Jan took some bananas with her when she went to hang out with her friends this weekend. In the end they did not eat them, but the travel left them in pretty sorry shape. Banana bread for breakfast!
Jan has gotten tired of my usual recipe and she asked for something more substantial and less “fruit cake-like.” Son-in-law, Chris, has been on a keto diet and introduced me to the idea of bulking up breads with almond meal, instead of starch. A bit of Amaretto seemed like the thing to emphasize this addition.
Jan also wanted oat meal in the mix. There are two problems with using rolled oats in baking. The first is that they do not always cook completely when the bread is done. The second problem is that you have to add a lot of flour to prevent the chunky flakes of oats from causing the loaf to fall apart. Cook’s Illustrated found a solution to this problem, by toasting and grinding the rolled oats into flour.
I personally did not like their final product. It was not a “muffin,” it was too sweet and cake-like. I also like the texture of having at least some of the whole rolled oats in the mix. I leave about a third of the toasted oats whole and grind the rest into a course meal, the best of both worlds.
I have a jar of vanilla sugar that someone gave me at some time in the past. This is something that I would not tend to use and it has been cluttering up my cabinet for some time. Mace also seemed like a good idea, just for something different to compliment the almond, cinnamon and vanilla notes.
Karl’s Almond Banana Oat Mini-muffins
1 ½ cup rolled oats
½ cup flour, AP
½ cup almonds, ground
¼ cup vanilla sugar
1 Tbs. cinnamon
½ tsp. mace
2½ tsp. baking powder
½ tsp. Kosher salt
¼ cup canola oil
1/3 cup Amaretto liqueur
1. Place the oat meal in a large skillet and toast it over high heat, stirring constantly to prevent scorching, until golden brown (about 10 minutes).
Tip: This is actually a critical step. You want to toast the oats but not scorch them. One thing I have done is to sift out the oat dust from the raw oats before putting them in the pan, because this dust will burn before the rolled oats are toasted and give you a burned taste to your muffins. Underdone is better than over done in this case. You want most of the oats well browned, but you do not want any of the oats very browned. I could not taste the burned oats, but Jan said she could.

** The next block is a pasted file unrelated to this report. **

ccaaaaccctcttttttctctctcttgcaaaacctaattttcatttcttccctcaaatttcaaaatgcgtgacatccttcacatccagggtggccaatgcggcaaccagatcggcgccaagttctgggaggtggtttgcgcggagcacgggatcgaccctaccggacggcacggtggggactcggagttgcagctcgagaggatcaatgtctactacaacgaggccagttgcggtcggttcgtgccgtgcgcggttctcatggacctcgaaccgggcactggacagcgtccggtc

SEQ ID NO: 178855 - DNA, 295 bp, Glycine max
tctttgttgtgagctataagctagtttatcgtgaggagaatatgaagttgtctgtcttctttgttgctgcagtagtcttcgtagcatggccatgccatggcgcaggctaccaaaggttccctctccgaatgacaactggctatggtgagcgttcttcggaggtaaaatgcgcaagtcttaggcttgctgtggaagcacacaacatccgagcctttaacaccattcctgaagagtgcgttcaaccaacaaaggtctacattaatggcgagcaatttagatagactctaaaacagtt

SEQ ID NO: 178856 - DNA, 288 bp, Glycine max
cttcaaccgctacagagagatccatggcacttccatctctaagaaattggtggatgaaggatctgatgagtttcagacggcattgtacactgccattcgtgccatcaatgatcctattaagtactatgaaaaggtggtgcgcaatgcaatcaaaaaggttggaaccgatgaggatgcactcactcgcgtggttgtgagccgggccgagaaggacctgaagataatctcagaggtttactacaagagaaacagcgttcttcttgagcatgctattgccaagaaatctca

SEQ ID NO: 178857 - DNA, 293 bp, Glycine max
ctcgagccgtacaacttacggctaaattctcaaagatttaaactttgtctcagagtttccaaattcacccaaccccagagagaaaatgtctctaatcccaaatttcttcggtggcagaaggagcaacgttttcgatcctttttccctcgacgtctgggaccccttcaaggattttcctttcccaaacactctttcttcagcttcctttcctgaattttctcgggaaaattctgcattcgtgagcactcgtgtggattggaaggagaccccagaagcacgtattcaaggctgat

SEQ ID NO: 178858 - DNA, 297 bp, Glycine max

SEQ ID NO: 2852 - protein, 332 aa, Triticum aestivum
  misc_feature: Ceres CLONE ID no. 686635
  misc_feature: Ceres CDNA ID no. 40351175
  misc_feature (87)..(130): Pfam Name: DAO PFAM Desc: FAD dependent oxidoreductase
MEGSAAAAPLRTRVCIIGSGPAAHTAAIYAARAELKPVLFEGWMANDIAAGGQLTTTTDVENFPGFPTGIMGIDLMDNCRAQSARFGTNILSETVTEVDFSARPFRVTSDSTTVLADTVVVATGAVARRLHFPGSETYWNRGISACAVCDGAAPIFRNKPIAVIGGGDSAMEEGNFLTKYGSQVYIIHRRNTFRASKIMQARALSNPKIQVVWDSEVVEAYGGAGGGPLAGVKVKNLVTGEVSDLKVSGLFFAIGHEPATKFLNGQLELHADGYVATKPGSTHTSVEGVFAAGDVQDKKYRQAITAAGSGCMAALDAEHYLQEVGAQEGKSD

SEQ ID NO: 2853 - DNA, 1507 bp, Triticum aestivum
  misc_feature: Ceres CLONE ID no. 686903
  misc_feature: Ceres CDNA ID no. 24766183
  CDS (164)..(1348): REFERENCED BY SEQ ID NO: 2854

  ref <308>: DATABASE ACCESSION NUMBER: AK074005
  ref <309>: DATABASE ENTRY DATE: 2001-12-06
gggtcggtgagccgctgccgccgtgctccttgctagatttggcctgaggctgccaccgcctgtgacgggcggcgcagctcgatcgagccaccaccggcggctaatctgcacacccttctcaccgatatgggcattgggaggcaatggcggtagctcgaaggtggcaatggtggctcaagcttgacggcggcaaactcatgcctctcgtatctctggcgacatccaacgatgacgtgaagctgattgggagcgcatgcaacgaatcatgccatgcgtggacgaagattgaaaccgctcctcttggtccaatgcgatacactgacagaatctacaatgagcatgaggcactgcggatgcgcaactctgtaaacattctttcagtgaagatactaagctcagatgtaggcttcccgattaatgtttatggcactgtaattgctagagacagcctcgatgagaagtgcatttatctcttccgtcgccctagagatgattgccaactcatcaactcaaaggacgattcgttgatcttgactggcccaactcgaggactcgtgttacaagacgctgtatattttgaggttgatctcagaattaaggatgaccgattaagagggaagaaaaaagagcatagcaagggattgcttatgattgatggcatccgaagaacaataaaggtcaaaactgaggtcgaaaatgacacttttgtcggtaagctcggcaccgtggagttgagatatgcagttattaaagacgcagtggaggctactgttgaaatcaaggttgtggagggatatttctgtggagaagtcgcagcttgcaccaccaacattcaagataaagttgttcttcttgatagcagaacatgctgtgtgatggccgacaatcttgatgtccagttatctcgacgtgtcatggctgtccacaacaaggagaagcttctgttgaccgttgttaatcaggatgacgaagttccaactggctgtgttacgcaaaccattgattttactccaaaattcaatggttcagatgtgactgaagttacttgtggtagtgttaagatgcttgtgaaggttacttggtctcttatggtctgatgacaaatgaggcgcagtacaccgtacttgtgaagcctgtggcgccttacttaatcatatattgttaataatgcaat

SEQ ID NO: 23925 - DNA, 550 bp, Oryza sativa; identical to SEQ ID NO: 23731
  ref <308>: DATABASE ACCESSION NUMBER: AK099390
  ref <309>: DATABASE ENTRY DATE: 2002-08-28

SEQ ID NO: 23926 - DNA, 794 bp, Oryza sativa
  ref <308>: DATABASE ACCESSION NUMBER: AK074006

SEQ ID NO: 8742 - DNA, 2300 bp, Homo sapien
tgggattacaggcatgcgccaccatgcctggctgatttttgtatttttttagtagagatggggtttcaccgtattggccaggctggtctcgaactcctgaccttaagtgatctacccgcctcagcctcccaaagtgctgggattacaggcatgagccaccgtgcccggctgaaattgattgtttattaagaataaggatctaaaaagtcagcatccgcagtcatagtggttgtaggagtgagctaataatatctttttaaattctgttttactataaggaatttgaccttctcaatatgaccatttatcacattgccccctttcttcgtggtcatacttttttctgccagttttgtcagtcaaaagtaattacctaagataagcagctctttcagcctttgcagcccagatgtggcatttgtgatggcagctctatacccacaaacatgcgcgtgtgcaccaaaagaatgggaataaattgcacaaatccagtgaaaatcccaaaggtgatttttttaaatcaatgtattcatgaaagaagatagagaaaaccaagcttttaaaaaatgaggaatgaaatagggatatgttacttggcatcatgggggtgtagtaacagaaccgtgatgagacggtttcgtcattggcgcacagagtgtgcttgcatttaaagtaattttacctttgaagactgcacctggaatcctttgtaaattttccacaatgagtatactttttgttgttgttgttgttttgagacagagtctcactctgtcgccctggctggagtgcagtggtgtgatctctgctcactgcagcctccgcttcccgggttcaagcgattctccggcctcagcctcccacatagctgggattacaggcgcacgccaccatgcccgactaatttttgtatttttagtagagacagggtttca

2. Take one cup of the toasted oats and put them in a blender and process them to a fine meal.
3. Put the whole oats, oat meal, almond meal, flour, sugar, cinnamon, mace, baking powder and salt into a medium bowl and mix well.
Tip: My trick of sifting the dry ingredients together to get a complete mix does not work well with this recipe. Some of the ground meals and Kosher salt does not go through my sifter and it ends up separating the ingredients, not mixing them.
4. Use a fork (or potato masher) to mash the bananas in a large bowl.
5. Add the whole eggs, oil and Amaretto to the bananas. Mix well.
6. Fold in half of the flour at a time and mix just until there is no dry flour showing.
Tip: For a quick bread, you do not want to overwork the dough, because it will make the loaf tough. This is the opposite of yeasted bread, where you are trying to develop the gluten to give it its structure.
7. Preheat the oven to 350° F.
8. Spray Pam on a mini-muffin tin.
Tip: You may also use a cupcake pan or mini-loaf pans, but if you use either of these you may have to increase the baking time, up to 50+ minutes for the mini-loaf pans. If you use a large loaf pan (4½” x 8½” x 2½”), only fill it about a third full. If you fill a large loaf pan the bread will not cook through before the top starts to burn.
9. Put two tablespoons of batter into each cup of a mini-muffin tin.
10. Push one whole almond into the top of each muffin and let the batter rest for ten minutes.
Tip: This rest allows any dry flour to completely absorb the liquids.
11. Bake the muffins for 20-25 minutes, until an inserted tooth pick comes out clean.
12. When you mini-muffins are done, remove them from the baking pan and let them cool on a wire rack for a few minutes.
Tip: If you are making a loaf, let it cool completely before trying to slice it. The warm loaf will tend to break apart, if you try to cut it too soon.